The Famous Dennis Mitton Library
Well, it’s actually a blog, and it’s not famous. Eventually, it will be a blog with a lot of stories. I’m combining several blogs into one from the last ten or so years. If it wasn’t published or isn’t in a book, this is where it goes. Other pages are category-specific, but this lists each post, one at a time, as I write them. It’s a little messy, but so is your favorite used bookstore. Read lots and comment lots. Thank you, merci, and Selah.
It’s dangerous to argue with Feynman, but I think Lyell’s uniformitarianism is even more basic:
They were both overweight, smoked, ate poorly, were inactive, and, all niceties aside, were generally gross and slovenly.
It's taken a few days, but my new book on living with TBI is up for pre-sale on Amazon. See it here. In truth, it's about more than living with traumatic brain injury. Living with is easy. You go to sleep and then wake up. Do that every day, and you're doing it. My...
No problem. I’ve got five blister packs of new ones in another drawer. I’m kind of finicky about pens.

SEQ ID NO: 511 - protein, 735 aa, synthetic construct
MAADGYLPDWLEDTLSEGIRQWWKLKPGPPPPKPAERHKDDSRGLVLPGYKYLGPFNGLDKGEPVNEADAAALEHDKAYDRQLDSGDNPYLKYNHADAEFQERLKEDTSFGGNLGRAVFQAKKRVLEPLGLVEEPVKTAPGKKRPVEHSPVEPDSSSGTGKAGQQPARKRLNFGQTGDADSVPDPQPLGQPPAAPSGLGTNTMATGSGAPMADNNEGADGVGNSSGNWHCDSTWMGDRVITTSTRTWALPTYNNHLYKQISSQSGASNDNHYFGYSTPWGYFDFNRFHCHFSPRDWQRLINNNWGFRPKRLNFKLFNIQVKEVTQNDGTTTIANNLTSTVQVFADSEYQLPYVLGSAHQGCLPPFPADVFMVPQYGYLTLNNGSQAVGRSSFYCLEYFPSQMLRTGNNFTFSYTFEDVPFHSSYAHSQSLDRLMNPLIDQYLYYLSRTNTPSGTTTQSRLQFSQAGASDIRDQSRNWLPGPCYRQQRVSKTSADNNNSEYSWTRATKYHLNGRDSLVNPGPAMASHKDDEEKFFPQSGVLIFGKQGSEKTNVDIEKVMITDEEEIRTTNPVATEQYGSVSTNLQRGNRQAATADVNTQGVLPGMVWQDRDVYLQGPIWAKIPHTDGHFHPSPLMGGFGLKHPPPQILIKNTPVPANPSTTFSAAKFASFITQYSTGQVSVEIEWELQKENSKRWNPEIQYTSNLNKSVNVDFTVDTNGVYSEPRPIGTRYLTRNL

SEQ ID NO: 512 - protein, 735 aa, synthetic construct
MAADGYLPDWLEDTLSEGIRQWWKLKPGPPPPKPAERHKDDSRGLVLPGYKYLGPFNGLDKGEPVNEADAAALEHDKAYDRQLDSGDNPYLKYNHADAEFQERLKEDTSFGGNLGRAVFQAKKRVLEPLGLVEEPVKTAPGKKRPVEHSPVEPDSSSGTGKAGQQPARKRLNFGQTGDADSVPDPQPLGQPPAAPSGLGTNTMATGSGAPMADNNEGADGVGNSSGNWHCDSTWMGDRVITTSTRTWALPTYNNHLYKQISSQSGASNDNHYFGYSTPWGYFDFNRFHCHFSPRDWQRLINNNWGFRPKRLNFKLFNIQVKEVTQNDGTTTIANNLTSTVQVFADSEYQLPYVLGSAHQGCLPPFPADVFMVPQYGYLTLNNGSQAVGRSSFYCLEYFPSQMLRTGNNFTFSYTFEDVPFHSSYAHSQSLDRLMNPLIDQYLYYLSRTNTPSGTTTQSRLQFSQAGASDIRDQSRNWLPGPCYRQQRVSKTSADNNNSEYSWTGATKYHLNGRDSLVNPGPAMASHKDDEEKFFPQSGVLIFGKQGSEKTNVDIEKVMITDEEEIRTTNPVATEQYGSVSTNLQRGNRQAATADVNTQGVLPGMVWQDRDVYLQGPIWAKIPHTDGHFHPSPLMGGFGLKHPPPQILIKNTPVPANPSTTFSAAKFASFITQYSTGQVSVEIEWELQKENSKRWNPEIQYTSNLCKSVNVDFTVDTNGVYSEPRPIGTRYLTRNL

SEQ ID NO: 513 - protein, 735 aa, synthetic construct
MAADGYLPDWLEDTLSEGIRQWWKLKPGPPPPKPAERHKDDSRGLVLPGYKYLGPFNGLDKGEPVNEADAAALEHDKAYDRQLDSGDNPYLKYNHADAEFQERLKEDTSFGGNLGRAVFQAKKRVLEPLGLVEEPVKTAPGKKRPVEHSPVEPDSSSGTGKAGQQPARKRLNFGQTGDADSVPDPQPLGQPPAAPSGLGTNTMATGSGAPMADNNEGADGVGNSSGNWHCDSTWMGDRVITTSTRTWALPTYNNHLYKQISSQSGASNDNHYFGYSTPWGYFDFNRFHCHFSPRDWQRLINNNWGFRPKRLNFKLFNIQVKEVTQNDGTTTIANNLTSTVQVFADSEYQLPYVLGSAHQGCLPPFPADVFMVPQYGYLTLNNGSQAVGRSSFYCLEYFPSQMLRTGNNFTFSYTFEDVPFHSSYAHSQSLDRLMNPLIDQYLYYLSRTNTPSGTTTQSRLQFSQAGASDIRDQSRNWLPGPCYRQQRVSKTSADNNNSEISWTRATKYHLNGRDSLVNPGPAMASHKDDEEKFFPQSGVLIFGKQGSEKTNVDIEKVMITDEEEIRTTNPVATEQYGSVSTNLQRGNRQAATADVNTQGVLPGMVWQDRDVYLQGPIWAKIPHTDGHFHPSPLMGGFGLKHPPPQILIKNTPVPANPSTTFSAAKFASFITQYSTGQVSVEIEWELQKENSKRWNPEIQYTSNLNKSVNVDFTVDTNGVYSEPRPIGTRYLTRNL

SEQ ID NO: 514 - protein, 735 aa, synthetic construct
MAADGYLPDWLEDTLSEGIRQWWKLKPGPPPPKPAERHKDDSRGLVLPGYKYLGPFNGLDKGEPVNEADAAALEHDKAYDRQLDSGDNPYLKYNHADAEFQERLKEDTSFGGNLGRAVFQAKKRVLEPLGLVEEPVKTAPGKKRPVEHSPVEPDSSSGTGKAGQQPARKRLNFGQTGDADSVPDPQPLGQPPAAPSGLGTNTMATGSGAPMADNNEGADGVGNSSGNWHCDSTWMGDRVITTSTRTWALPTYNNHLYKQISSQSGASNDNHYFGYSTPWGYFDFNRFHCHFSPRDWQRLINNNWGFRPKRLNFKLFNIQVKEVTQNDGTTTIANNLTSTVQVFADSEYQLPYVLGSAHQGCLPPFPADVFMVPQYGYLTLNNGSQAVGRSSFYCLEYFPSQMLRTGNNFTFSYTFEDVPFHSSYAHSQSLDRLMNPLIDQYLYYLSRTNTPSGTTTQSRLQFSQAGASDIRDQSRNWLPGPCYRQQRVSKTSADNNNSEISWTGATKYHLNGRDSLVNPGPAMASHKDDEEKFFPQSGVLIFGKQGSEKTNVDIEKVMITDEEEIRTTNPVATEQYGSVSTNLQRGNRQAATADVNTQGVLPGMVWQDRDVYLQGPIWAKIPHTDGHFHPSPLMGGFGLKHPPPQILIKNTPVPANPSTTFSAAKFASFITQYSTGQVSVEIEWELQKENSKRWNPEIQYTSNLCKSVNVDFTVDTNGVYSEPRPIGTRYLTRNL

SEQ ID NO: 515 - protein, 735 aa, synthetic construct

Hmm. Schultz was Polish. Yeats Irish. Maybe I should move to Japan where they honor their old folk?
Can I Fix My Brain looks at the gamut of TBI issues and how they relate to the patient, the caregiver, and to their family.
The book strikes me as more of a pocket cheerleader than a manual, and that’s not all bad. Who of us doesn’t need a cheerleader sometimes?
We’ll see if it works as well for these folk as it does for my daughter. (Hint, it doesn’t.)
G is ready to help, and your church family is, too, but here’s the teaching: G wants you to handle the problem.
These two pictures – on the one side a world of apparent premeditated order and calm juxtaposed against tumult and decay – grew into a natural philosophy called catastrophism.
Or… maybe they’re just having a bad day and need a sit in a hot bath? It always depends on how e see it. Why give yourself a pass?
I expected the seas to part. I absolutely expected lots of yelling and hand waving. At the very least, I expected to be dragged to the truck by my ear. But Mom and Dad just looked at each other. They probably winked. “Fine.”